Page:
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  22. I’ve spent about 10 months in Oaxaca over a couple different years and would like to compliment the author. Those that accuse her of expecting everything to be like the developed world are out of line. She is just pointing out that things are different, so be prepared. I can attest that it is not fun hearing the garbage truck at 6 a.m. every single day, or dogs barking off and on all night, or church bells ringing at 6:30 a.m. That to me is the biggest difference, the Mexican “relationship with noise” as she so artfully puts it. Obviously the good outweighs the bad or I wouldn’t keep going back, and I don’t expect these things or the locals to change to fit my ideas about how things “should” be. But it’s fair to point out the things that may surprise and/or frustrate a foreigner.

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    • I enjoyed your level-headed comments, Kevin. We share the same frustration over excessive noise, which is just a part of the culture: louder is better. This all fits in with the notion that personal space is public space. But sometimes it really is too much, especially when you’ve checked into a hotel or hostel that looks idyllic, but the dream is quickly shattered once the roosters start crowing and/or music is blasting from who knows where. This is why I would never make a booking in advance for a long stay. I would stay in a hotel for a couple of days and explore the lodging options.

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  23. I have always wanted to move to Mexico. It is my dream. I am surprised by their garbage collection. Actually it make me laugh. I imagine myself every morning at 5.30 staying on the street waiting for this truck. It sounds really funny. Greetings!

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  24. How is the internet access??? I am planning to be there for several months and want to make sure I can use my computer. Thanks so much!!!!!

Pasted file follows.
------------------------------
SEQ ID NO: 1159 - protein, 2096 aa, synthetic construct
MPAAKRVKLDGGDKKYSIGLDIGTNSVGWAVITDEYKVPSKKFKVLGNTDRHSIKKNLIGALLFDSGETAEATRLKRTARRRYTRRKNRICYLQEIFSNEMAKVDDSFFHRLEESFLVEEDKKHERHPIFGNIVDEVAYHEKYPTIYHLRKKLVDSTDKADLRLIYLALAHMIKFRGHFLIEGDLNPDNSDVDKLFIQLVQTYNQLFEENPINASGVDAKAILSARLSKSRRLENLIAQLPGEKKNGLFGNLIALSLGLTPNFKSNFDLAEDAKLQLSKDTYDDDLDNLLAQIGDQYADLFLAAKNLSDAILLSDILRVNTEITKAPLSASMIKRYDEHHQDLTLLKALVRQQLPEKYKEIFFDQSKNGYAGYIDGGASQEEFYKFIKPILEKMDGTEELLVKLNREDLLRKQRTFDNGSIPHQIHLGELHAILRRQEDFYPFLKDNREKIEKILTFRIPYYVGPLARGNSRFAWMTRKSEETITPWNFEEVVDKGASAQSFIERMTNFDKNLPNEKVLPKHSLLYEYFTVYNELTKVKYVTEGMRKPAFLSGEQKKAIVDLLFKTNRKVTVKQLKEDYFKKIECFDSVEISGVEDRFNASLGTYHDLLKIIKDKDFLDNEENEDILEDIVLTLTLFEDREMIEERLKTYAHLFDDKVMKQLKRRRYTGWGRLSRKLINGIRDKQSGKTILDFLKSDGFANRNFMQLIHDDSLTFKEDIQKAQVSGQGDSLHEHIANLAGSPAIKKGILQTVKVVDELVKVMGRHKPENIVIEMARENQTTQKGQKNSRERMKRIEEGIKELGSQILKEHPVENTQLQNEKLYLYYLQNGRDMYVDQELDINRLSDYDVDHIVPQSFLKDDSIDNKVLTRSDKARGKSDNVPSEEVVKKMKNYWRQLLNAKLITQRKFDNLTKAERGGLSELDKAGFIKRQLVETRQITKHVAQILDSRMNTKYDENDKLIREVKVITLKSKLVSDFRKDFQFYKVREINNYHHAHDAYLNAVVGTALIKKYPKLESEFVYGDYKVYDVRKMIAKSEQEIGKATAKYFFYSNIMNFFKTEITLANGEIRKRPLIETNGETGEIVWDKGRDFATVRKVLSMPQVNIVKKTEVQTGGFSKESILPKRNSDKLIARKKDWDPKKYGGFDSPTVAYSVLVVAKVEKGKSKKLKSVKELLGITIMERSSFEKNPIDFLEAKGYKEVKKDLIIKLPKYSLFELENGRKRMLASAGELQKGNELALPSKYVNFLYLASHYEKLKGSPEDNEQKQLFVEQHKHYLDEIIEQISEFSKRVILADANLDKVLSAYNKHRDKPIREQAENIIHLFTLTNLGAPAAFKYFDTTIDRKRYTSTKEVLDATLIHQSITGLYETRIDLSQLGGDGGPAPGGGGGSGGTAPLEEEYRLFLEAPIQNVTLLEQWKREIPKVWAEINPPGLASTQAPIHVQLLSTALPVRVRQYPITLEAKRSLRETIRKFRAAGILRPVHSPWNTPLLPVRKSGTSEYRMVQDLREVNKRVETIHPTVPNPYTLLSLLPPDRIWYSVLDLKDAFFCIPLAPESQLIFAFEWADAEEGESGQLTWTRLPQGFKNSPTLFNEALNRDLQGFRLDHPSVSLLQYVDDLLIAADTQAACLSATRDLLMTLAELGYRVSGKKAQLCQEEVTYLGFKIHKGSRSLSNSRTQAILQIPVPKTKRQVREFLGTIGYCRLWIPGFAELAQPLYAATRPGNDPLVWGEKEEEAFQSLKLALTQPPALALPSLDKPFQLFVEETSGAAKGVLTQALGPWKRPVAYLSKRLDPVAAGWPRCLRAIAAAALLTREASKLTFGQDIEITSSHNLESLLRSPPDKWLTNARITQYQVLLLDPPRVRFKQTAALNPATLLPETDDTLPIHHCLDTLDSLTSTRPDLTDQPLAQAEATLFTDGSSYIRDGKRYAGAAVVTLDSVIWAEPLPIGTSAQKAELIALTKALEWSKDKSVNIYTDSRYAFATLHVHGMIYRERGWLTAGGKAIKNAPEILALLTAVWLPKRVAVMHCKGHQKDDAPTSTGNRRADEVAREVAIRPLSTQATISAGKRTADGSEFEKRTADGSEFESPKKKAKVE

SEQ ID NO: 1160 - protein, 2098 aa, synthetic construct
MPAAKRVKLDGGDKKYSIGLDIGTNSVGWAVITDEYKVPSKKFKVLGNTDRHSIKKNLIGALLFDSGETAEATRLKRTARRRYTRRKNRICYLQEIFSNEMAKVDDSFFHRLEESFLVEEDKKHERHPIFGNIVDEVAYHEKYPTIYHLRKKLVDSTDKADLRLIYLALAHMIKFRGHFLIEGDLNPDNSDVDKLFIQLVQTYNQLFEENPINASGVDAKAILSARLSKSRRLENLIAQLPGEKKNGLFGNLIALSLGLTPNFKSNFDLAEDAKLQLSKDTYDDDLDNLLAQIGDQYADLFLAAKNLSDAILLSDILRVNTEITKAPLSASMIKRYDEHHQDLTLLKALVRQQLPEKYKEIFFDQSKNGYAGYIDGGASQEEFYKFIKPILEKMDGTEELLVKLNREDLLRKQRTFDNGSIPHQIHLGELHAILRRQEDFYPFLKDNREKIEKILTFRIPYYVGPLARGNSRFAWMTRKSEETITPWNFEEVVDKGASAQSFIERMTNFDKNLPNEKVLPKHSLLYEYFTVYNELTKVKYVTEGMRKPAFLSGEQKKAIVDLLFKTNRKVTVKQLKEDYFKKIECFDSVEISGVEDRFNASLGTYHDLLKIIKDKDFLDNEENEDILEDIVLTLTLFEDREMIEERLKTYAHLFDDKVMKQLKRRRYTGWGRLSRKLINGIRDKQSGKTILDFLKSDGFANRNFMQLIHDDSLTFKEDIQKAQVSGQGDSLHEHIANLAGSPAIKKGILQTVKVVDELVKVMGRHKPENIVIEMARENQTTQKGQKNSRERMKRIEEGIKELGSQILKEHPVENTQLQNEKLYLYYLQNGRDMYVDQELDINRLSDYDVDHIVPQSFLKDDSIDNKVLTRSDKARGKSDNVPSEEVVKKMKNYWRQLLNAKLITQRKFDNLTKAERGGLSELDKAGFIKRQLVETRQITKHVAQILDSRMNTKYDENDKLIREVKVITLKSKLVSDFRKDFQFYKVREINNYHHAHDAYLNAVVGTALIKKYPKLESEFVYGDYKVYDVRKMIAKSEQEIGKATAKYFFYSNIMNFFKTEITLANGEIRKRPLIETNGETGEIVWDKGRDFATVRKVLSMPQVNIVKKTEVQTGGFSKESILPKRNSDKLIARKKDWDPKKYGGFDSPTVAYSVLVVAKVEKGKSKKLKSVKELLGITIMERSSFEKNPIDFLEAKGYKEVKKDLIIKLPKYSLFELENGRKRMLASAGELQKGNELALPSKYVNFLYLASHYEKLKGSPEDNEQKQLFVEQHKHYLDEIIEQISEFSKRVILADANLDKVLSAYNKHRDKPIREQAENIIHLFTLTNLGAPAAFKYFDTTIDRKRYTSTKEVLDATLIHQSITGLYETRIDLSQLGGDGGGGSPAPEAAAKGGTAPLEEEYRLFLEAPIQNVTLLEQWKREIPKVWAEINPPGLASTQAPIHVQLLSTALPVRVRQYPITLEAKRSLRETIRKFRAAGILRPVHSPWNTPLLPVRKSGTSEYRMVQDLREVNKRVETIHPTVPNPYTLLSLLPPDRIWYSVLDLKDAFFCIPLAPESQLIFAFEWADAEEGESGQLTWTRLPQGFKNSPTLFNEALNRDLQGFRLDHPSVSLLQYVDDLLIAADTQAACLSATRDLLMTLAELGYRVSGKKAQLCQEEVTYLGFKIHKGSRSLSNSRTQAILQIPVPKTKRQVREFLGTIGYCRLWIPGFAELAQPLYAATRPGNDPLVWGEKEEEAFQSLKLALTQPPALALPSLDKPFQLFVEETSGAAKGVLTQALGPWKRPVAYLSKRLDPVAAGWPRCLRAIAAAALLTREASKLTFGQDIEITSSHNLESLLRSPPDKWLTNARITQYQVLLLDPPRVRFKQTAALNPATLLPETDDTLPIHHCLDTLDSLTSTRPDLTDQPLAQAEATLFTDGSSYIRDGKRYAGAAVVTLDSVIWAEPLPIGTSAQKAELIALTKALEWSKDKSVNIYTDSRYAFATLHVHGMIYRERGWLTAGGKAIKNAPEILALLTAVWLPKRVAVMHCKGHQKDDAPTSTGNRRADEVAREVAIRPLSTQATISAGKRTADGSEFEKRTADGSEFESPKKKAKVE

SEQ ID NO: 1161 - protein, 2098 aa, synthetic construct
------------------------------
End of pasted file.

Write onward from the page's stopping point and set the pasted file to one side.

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  25. Hi – I really enjoyed reading this – my family and I (I am English they are Colombian) are wanting to travel for a while and I am an Englih teacher – do you know of any bilingual or International Schools in the region?

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  26. I just returned to the states after spending two and a half weeks in Oaxaca. I am one person who could just not get passed the horrible traffic, the toxic air pollution, the graffiti, the deteriorated buildings, the bad smells probably from sewage, the beggars in the street especially seeing children working or begging, the water, having to throw your used toilet paper in a bin, and the loud noise, noise, noise. The culture, crafts, food (I don’t particularly like Mexican food however), and lovely people just couldn’t make up for the unpleasantness that my husband and I experienced.

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  27. I just returned from Oaxaca and I have to say that I left a big part of my heart there. The culture, colors, warmth and kindness of the people were so wonderful. An entirely different value system than here in the US – very refreshing. I didn’t experience filth at all, but yes, aging building, many of which were being restored. Vendors were easy to graciously deflect and just trying to make a living, so no problem there. I even bought a few things from them at different points. I felt safe and walked about on my own, in the evening. It was lovely!

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  28. Thanks for the detailed info. We had a wonderful week in Oaxaca once. Now, post-election, we’re looking for a place to move to outside the US, and this was my wife’s first choice.

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  29. Thank you so much for your article. My husband is Mexican and we currently live in Tlaxcala, Mexico, though I am from Saint Louis, MO USA. We are looking into moving and I came across your article in my research. I wanted a place with the “tranquilo” lifestyle I have come to love in Tlaxcala but with a beach and a few more things to do. Everything from the cons and the pros are exactly what we are used to in Tlaxcala, making Oaxaca sound like the perfect place for our next family home.